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Freight flows continued to rebound through mid-August, bouncing back from pandemic lows as some regions of the country continue to reopen for business, restock warehouse inventories, and prepare for students’ return to school, recent reports show.

Transportation and logistics trends strengthened in recent weeks, particularly in California and the U.S. west coast, as ocean freight imports showed a sharp increase and port and rail terminals showed signs of labor shortages, according to a report from Baird Equity Research, an investment firm covering the transportation sector.

That rebound of freight volumes has already triggered network constraints, leading to rising prices in the spot truckload market and a rise in surcharges imposed by other modes like air/ocean freight, parcel, and rail, according to Benjamin Hartford, a senior research analyst with Baird. Overall, the sector has shown a rebound from its April low-point, when initial coronavirus shutdowns began, posting “robust” results through the typically weak months of summer in July and August.

However, some logistics providers question whether that rebound can continue, pointing to a lack of visibility about freight demand during the second half of 2020.

According to Baird, at least one variable suggests that rising freight volumes will continue, since several large retailers recently reported e-commerce sales growth of more than 100%. That hot growth could create a “new normal” after the pandemic, forcing carriers to adjust to different freight patterns as e-commerce reaches higher levels as a percent of total retail spending, the Baird report said.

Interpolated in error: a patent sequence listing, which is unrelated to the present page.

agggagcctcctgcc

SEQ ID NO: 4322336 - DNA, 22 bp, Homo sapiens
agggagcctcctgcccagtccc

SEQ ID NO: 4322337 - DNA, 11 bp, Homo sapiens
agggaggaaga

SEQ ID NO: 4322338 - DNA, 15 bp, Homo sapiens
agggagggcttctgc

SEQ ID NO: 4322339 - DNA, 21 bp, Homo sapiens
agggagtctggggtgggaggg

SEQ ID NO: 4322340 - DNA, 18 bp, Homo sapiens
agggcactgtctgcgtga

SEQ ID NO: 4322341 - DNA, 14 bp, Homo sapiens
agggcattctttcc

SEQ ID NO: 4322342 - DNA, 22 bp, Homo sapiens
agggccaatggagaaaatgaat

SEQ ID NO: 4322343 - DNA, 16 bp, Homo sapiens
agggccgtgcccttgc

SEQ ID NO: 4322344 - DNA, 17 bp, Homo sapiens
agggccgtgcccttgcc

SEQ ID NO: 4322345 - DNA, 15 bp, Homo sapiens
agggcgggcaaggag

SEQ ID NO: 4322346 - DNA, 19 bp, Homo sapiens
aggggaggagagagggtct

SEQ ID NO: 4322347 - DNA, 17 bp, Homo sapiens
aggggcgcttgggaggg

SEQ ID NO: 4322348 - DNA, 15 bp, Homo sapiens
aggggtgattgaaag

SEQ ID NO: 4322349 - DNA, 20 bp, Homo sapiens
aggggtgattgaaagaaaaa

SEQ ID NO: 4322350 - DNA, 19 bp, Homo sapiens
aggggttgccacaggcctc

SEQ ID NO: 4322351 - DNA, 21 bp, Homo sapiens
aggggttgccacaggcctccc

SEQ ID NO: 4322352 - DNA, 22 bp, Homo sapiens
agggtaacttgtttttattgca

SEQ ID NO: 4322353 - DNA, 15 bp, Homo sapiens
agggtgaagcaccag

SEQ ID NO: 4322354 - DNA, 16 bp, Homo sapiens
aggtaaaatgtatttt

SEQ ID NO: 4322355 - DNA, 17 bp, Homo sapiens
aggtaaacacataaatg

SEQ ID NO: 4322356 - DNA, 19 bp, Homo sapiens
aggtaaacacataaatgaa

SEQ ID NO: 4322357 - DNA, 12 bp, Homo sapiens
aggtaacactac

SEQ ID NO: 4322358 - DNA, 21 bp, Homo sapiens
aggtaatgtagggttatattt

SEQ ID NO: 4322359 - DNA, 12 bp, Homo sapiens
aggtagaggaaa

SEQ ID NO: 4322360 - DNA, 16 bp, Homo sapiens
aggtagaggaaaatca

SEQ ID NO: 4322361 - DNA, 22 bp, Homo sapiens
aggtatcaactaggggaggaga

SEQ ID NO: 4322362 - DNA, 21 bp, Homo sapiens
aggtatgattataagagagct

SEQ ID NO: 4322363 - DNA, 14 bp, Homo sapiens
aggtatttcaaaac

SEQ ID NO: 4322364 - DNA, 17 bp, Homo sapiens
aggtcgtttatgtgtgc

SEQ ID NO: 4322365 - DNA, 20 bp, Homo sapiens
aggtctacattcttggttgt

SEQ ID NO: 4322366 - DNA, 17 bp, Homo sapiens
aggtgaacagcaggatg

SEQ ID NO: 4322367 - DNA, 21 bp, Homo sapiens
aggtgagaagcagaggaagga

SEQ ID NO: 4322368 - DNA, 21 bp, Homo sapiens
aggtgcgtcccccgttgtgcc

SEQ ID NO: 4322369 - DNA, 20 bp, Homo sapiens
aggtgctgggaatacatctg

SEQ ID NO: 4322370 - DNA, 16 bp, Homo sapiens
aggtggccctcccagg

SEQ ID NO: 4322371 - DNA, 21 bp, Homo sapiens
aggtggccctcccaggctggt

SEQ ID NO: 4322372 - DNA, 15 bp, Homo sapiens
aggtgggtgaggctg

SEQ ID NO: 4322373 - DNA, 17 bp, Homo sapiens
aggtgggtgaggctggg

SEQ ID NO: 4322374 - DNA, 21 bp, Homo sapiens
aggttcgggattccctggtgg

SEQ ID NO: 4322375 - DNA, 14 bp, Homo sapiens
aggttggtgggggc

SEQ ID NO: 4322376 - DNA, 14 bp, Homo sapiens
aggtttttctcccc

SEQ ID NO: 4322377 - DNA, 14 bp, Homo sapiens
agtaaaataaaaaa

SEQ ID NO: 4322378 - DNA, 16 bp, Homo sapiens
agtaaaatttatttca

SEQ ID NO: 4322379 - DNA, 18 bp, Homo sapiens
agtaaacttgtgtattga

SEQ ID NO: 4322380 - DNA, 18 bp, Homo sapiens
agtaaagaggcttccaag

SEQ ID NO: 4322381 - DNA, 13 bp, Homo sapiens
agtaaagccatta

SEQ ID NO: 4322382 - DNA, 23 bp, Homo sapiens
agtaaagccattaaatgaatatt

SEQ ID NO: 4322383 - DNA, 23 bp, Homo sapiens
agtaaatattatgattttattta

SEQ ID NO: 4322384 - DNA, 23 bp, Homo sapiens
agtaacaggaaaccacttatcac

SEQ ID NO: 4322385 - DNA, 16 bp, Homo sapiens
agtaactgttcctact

Another report today suggested that maritime exports are also recovering, with the Port of Savannah saying it moved the highest number of loaded export containers of any U.S. port during the first five months of 2020. The port’s Garden City Terminal handled a total of 593,195 twenty-foot equivalent container units (TEUs) of loaded exports during the first five months of the calendar year, giving it a 12.2% market share.

Of course, year-to-date activity remains down at the major east and west coast ports as the pandemic crimps cargo volume. That includes Georgia’s deepwater ports, with the Port of Savannah handling 360,700 TEUs for July, down 6.8% from the same month last year. But the facility has seen steadier trade numbers than other U.S. ports, according to Georgia Ports Authority Executive Director Griff Lynch. “With the expansion of the Panama Canal, and the transition of larger vessels to East Coast services, cargo owners are making the strategic decision to keep imports on the water longer,” Lynch said in a release. “Subsequently, export customers enjoy greater empty container availability in Savannah, lower container slot costs on Neo-Panamax vessels, and unmatched cargo fluidity through road, rail, and terminal services.”



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